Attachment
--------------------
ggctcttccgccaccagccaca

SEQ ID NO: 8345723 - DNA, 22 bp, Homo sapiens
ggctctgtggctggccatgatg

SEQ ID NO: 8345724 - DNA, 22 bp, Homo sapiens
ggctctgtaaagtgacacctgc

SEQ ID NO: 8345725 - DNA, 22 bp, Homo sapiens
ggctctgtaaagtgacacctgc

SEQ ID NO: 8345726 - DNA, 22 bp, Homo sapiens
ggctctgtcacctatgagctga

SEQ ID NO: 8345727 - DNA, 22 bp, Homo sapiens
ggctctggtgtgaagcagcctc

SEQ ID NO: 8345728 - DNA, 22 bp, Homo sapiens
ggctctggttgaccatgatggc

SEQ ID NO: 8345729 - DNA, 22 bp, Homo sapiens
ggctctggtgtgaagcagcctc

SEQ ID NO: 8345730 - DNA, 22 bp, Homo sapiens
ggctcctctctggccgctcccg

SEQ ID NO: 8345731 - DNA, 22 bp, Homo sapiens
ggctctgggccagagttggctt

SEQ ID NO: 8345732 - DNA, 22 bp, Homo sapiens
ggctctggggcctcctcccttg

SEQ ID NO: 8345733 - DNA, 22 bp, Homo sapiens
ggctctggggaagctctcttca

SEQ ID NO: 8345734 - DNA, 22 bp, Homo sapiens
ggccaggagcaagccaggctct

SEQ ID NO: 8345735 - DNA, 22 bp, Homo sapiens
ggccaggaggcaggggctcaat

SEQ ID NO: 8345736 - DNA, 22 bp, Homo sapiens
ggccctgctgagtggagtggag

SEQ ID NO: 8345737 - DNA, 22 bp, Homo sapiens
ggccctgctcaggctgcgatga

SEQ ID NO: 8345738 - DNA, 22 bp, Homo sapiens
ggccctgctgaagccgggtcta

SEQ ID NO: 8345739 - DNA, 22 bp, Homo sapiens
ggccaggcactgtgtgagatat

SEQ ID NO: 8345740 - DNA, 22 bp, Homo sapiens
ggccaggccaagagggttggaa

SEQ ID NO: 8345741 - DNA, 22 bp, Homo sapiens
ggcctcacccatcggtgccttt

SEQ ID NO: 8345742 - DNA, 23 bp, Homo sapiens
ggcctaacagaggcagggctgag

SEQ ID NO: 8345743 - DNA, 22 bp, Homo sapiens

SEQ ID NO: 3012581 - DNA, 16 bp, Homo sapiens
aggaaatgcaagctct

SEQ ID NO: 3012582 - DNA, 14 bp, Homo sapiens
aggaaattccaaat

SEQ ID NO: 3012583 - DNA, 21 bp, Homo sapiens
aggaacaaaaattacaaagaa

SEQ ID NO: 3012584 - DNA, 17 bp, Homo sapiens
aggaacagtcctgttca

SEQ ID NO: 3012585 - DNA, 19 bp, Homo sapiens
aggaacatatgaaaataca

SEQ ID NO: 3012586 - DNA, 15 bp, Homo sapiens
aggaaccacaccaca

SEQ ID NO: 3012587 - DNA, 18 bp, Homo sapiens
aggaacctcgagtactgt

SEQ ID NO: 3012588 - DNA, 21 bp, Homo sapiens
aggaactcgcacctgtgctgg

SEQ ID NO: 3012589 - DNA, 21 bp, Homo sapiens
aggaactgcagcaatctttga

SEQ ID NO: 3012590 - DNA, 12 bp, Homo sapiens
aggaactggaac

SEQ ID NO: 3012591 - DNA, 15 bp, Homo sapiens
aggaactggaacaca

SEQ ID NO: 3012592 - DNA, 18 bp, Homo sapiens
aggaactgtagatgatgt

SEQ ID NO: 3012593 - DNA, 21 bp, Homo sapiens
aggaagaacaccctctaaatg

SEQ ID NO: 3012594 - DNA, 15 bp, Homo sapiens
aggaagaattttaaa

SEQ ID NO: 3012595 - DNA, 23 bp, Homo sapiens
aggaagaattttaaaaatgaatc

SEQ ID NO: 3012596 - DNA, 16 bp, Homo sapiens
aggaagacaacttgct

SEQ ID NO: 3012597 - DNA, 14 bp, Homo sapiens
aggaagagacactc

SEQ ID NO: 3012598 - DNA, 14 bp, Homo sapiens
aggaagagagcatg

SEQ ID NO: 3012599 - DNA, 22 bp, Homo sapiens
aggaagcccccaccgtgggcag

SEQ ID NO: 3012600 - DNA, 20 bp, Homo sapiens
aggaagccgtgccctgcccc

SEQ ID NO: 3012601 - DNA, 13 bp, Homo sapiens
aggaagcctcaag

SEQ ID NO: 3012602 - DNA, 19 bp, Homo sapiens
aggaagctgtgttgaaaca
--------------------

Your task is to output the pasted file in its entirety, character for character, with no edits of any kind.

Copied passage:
ggctcttccgccaccagccaca

SEQ ID NO: 8345723 - DNA, 22 bp, Homo sapiens
ggctctgtggctggccatgatg

SEQ ID NO: 8345724 - DNA, 22 bp, Homo sapiens
ggctctgtaaagtgacacctgc

SEQ ID NO: 8345725 - DNA, 22 bp, Homo sapiens
ggctctgtaaagtgacacctgc

SEQ ID NO: 8345726 - DNA, 22 bp, Homo sapiens
ggctctgtcacctatgagctga

SEQ ID NO: 8345727 - DNA, 22 bp, Homo sapiens
ggctctggtgtgaagcagcctc

SEQ ID NO: 8345728 - DNA, 22 bp, Homo sapiens
ggctctggttgaccatgatggc

SEQ ID NO: 8345729 - DNA, 22 bp, Homo sapiens
ggctctggtgtgaagcagcctc

SEQ ID NO: 8345730 - DNA, 22 bp, Homo sapiens
ggctcctctctggccgctcccg

SEQ ID NO: 8345731 - DNA, 22 bp, Homo sapiens
ggctctgggccagagttggctt

SEQ ID NO: 8345732 - DNA, 22 bp, Homo sapiens
ggctctggggcctcctcccttg

SEQ ID NO: 8345733 - DNA, 22 bp, Homo sapiens
ggctctggggaagctctcttca

SEQ ID NO: 8345734 - DNA, 22 bp, Homo sapiens
ggccaggagcaagccaggctct

SEQ ID NO: 8345735 - DNA, 22 bp, Homo sapiens
ggccaggaggcaggggctcaat

SEQ ID NO: 8345736 - DNA, 22 bp, Homo sapiens
ggccctgctgagtggagtggag

SEQ ID NO: 8345737 - DNA, 22 bp, Homo sapiens
ggccctgctcaggctgcgatga

SEQ ID NO: 8345738 - DNA, 22 bp, Homo sapiens
ggccctgctgaagccgggtcta

SEQ ID NO: 8345739 - DNA, 22 bp, Homo sapiens
ggccaggcactgtgtgagatat

SEQ ID NO: 8345740 - DNA, 22 bp, Homo sapiens
ggccaggccaagagggttggaa

SEQ ID NO: 8345741 - DNA, 22 bp, Homo sapiens
ggcctcacccatcggtgccttt

SEQ ID NO: 8345742 - DNA, 23 bp, Homo sapiens
ggcctaacagaggcagggctgag

SEQ ID NO: 8345743 - DNA, 22 bp, Homo sapiens

SEQ ID NO: 3012581 - DNA, 16 bp, Homo sapiens
aggaaatgcaagctct

SEQ ID NO: 3012582 - DNA, 14 bp, Homo sapiens
aggaaattccaaat

SEQ ID NO: 3012583 - DNA, 21 bp, Homo sapiens
aggaacaaaaattacaaagaa

SEQ ID NO: 3012584 - DNA, 17 bp, Homo sapiens
aggaacagtcctgttca

SEQ ID NO: 3012585 - DNA, 19 bp, Homo sapiens
aggaacatatgaaaataca

SEQ ID NO: 3012586 - DNA, 15 bp, Homo sapiens
aggaaccacaccaca

SEQ ID NO: 3012587 - DNA, 18 bp, Homo sapiens
aggaacctcgagtactgt

SEQ ID NO: 3012588 - DNA, 21 bp, Homo sapiens
aggaactcgcacctgtgctgg

SEQ ID NO: 3012589 - DNA, 21 bp, Homo sapiens
aggaactgcagcaatctttga

SEQ ID NO: 3012590 - DNA, 12 bp, Homo sapiens
aggaactggaac

SEQ ID NO: 3012591 - DNA, 15 bp, Homo sapiens
aggaactggaacaca

SEQ ID NO: 3012592 - DNA, 18 bp, Homo sapiens
aggaactgtagatgatgt

SEQ ID NO: 3012593 - DNA, 21 bp, Homo sapiens
aggaagaacaccctctaaatg

SEQ ID NO: 3012594 - DNA, 15 bp, Homo sapiens
aggaagaattttaaa

SEQ ID NO: 3012595 - DNA, 23 bp, Homo sapiens
aggaagaattttaaaaatgaatc

SEQ ID NO: 3012596 - DNA, 16 bp, Homo sapiens
aggaagacaacttgct

SEQ ID NO: 3012597 - DNA, 14 bp, Homo sapiens
aggaagagacactc

SEQ ID NO: 3012598 - DNA, 14 bp, Homo sapiens
aggaagagagcatg

SEQ ID NO: 3012599 - DNA, 22 bp, Homo sapiens
aggaagcccccaccgtgggcag

SEQ ID NO: 3012600 - DNA, 20 bp, Homo sapiens
aggaagccgtgccctgcccc

SEQ ID NO: 3012601 - DNA, 13 bp, Homo sapiens
aggaagcctcaag

SEQ ID NO: 3012602 - DNA, 19 bp, Homo sapiens
aggaagctgtgttgaaaca